Magnetic Resonance Imaging of Hydrate Phase Transitions in Sediments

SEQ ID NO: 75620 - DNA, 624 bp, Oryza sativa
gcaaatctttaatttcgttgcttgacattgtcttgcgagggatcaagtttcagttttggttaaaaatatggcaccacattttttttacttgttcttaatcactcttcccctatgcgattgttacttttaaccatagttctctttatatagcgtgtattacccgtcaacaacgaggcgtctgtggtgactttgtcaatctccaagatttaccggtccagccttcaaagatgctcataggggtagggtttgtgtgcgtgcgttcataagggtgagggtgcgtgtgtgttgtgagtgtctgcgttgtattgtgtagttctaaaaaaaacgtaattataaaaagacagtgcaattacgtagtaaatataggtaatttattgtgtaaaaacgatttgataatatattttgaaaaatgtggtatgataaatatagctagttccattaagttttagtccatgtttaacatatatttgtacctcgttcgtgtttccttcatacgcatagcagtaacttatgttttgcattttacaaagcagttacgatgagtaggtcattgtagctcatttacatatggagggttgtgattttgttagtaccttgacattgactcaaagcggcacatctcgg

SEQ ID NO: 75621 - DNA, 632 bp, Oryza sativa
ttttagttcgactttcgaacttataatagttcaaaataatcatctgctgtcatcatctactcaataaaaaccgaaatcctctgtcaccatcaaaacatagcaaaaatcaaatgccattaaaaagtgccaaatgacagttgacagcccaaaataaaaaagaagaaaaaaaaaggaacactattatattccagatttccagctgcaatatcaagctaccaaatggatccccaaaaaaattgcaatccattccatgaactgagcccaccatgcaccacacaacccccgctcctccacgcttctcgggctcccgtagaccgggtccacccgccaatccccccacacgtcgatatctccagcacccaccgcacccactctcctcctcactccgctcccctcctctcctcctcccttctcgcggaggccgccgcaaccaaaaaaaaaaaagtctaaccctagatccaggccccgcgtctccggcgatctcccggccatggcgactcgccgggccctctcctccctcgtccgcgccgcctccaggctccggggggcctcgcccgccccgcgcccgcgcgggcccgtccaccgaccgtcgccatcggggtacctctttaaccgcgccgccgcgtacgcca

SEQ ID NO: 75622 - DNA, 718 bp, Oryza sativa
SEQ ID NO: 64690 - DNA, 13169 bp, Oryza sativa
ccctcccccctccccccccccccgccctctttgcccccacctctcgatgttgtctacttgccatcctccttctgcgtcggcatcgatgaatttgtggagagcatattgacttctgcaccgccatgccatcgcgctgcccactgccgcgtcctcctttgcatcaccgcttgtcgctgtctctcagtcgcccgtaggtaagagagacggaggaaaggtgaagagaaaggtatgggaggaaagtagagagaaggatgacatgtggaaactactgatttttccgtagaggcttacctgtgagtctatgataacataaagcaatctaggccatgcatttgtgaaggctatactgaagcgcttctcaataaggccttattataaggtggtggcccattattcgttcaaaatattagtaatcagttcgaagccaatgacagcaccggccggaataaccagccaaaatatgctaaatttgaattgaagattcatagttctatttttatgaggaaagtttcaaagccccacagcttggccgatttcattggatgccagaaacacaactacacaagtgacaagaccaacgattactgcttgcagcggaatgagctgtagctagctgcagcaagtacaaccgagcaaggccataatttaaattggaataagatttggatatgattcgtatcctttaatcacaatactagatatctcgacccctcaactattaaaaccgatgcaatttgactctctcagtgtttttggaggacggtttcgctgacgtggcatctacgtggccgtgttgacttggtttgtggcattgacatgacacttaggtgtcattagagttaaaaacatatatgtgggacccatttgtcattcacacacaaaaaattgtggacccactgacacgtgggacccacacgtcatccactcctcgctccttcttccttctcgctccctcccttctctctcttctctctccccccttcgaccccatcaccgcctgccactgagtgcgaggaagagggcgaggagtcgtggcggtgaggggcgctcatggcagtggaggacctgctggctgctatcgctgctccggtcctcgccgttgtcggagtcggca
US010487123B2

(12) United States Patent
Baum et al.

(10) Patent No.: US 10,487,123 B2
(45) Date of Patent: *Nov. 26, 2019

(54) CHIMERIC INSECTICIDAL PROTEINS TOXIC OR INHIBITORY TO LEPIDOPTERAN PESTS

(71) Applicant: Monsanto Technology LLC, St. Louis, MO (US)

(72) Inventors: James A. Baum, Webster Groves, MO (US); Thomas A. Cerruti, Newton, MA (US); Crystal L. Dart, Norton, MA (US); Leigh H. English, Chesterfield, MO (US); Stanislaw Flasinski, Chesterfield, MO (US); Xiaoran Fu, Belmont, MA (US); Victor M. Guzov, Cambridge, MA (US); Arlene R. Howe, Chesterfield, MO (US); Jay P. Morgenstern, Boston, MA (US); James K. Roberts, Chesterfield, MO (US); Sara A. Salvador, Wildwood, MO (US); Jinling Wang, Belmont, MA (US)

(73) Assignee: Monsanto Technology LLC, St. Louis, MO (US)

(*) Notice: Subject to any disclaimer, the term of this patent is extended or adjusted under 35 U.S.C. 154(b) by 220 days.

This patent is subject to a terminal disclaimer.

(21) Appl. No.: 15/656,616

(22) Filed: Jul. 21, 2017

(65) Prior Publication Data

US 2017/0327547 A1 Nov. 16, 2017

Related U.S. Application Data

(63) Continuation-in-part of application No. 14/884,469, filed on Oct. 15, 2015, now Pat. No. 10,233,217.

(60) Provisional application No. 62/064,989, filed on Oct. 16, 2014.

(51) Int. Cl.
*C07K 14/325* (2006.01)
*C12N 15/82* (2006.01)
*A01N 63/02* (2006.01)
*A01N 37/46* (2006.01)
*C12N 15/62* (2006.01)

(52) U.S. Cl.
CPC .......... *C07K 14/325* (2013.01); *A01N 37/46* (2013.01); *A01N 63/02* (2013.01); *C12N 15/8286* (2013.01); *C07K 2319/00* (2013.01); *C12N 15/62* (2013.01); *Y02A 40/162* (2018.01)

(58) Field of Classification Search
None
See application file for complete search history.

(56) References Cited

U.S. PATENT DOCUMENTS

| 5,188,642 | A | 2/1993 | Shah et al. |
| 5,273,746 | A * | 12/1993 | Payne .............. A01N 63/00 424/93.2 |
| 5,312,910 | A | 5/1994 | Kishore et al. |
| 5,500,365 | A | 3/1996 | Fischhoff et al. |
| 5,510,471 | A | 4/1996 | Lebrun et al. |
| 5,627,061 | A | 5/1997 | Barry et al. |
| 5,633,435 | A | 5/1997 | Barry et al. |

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Natural gas hydrates, simplified described as gas compressed in ice, are a substance existing in large quantities around the world. Their existence requires elevated pressures and low temperature. They are therefore found in the subsurface in and below permafrost and in oceanic environments below a water column of 400-500 meters. The significant amount of gas stored in natural gas hydrates constitutes a potential as a significant contributor in ensuring future energy sustainability. However, extended research on fundamentals and characteristics of hydrates in nature, as well as production schemes, are required to be able to efficient and safely exploit this energy resource. Core-scale experiments give fast and valuable information, which is essential before larger field tests can be planned. This thesis is part of a research collaboration between Statoil and the University of Bergen in the application of magnetic resonance imaging (MRI) in laboratory petro-physics and core analysis. The new experimental design in this work includes the high field strength magnet of the 4.7 Tesla Biospec MR-scanner, by contrast to the domination of low field strengths in this kind of research. The main objective of this thesis is to show that the high field strength MRI can be applied to visualize gas hydrate phase transitions in a porous media of a sandstone core, before more advanced studies can take place. First, basic introductory experiments were conducted to illustrate the correlation of water saturation of a core and the signal intensity of the MRI measurement. Two Bentheim sandstones were measured, one with increasing water saturation for each measurement, and the other with decreasing water saturation for each measurement. Two types of MR measurements were conducted on the cores at each water saturation stage: (1) RARE, used to image and for further pixel analysis, (2) MSME, to investigate T2 relaxation. Results from the introductory experiments illustrated the strong relationship between MR signal intensity and water saturation. This fact was fundamental in analyzing the results of the high-pressure study. Second, MRI measurements of gas hydrate formation and dissociation within sediments were acquired. The Bentheimer sandstone was initially saturated with 65% with 0.1wt% sodium chloride (NaCl). The gas consisted of 22% propane in 78% methane. This gas mixture was chosen to provide hydrate stable conditions at room temperature (21°C). Stimulation of gas hydrate formation and dissociation were therefore possible by regulating the gas pressure when the core was mounted in a high-pressure cell. Two types of MR measurements were conducted through the hydrate study: (1) RARE, used to image and analyze the spatial development in the core, and (2) CPMG to investigate how T2 relaxation changed with hydrate formation/dissociation. Phase transitions of gas hydrate in the Bentheimer sandstone were successfully imaged and visualized by both RARE and CPMG measurements. Three different methods are suggested for estimation of hydrate saturation. The methods are based on results from (1) pixel analysis by RARE, (2) T2 distribution maps by CPMG, and (3) the initial signal intensity of the decay curve by CPMG. Estimations from the three different methods were in good agreement, and found hydrate saturation to be in the region of 42±3 %. Because of the good agreement, saturation estimations based on measurements attained from a high field strength magnet were found to be promising.